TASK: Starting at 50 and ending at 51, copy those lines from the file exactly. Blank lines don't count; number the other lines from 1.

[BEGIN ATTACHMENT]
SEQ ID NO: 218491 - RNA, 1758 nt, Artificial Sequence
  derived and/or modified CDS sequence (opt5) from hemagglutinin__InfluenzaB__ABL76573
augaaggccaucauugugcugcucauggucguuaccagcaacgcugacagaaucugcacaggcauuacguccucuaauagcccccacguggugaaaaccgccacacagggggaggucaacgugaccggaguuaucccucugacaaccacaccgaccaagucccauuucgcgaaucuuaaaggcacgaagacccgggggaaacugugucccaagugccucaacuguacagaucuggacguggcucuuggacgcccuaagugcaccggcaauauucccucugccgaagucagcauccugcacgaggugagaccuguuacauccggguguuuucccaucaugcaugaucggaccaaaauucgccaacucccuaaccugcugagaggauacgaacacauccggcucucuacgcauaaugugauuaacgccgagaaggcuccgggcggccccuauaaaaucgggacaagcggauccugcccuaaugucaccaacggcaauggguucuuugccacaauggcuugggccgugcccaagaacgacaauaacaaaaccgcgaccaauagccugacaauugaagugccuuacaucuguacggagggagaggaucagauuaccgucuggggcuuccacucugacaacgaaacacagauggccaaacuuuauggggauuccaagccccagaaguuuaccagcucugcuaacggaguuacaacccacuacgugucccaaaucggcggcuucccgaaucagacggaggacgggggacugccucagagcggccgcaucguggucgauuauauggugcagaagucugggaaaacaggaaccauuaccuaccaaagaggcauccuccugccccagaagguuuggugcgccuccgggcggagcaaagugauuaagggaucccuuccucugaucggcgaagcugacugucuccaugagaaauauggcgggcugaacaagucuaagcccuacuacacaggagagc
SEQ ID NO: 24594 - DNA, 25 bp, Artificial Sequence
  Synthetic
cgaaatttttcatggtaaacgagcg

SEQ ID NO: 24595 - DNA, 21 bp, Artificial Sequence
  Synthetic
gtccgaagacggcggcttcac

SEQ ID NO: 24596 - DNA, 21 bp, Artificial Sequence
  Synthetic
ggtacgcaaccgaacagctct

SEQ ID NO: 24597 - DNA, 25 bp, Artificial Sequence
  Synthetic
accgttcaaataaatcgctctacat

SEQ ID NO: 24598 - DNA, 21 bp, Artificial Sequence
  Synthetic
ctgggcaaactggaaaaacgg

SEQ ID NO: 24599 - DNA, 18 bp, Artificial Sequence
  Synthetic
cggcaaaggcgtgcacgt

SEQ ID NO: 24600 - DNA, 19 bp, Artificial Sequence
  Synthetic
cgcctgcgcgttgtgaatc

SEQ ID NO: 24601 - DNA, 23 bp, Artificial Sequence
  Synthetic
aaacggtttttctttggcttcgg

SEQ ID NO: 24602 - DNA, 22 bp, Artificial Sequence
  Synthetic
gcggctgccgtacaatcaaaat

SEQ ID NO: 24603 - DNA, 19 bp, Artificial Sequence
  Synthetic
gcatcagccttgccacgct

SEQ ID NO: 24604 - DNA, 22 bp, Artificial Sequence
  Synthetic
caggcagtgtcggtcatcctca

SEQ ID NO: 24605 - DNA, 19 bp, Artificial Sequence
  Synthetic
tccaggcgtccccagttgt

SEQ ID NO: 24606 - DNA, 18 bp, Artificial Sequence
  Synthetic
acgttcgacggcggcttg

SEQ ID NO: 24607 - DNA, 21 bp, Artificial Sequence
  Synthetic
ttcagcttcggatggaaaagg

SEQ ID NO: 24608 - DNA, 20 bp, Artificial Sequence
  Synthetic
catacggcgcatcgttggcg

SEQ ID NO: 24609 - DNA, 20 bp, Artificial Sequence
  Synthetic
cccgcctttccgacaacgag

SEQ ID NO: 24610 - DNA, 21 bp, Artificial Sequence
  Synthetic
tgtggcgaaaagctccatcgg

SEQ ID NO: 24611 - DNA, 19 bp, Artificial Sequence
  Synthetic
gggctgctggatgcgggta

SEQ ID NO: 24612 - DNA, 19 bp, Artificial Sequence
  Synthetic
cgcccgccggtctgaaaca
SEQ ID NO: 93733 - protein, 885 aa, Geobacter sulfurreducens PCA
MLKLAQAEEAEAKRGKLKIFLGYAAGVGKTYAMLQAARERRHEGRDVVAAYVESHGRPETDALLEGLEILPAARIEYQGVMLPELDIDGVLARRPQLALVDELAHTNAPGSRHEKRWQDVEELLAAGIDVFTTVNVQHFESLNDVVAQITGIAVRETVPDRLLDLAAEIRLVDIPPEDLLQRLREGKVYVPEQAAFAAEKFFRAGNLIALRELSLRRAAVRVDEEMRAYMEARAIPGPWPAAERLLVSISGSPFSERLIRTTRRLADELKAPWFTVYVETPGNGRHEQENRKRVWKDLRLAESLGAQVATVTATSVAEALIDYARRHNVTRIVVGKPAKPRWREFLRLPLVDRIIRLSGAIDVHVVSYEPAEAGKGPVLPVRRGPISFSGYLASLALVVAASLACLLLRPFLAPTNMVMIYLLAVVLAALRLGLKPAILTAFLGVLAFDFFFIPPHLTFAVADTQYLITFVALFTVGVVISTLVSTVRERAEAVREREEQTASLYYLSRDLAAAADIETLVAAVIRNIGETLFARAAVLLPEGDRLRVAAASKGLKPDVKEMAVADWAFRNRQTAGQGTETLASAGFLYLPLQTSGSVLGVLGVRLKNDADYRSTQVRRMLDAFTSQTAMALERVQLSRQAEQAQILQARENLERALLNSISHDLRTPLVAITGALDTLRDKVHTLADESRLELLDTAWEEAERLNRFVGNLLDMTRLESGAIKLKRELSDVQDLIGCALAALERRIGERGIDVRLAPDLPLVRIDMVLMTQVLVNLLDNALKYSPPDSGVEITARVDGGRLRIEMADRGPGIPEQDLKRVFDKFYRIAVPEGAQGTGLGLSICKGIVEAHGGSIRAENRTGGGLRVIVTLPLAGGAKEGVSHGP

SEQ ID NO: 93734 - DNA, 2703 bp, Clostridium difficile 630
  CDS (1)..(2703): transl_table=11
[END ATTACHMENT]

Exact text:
  Synthetic
cccgcctttccgacaacgag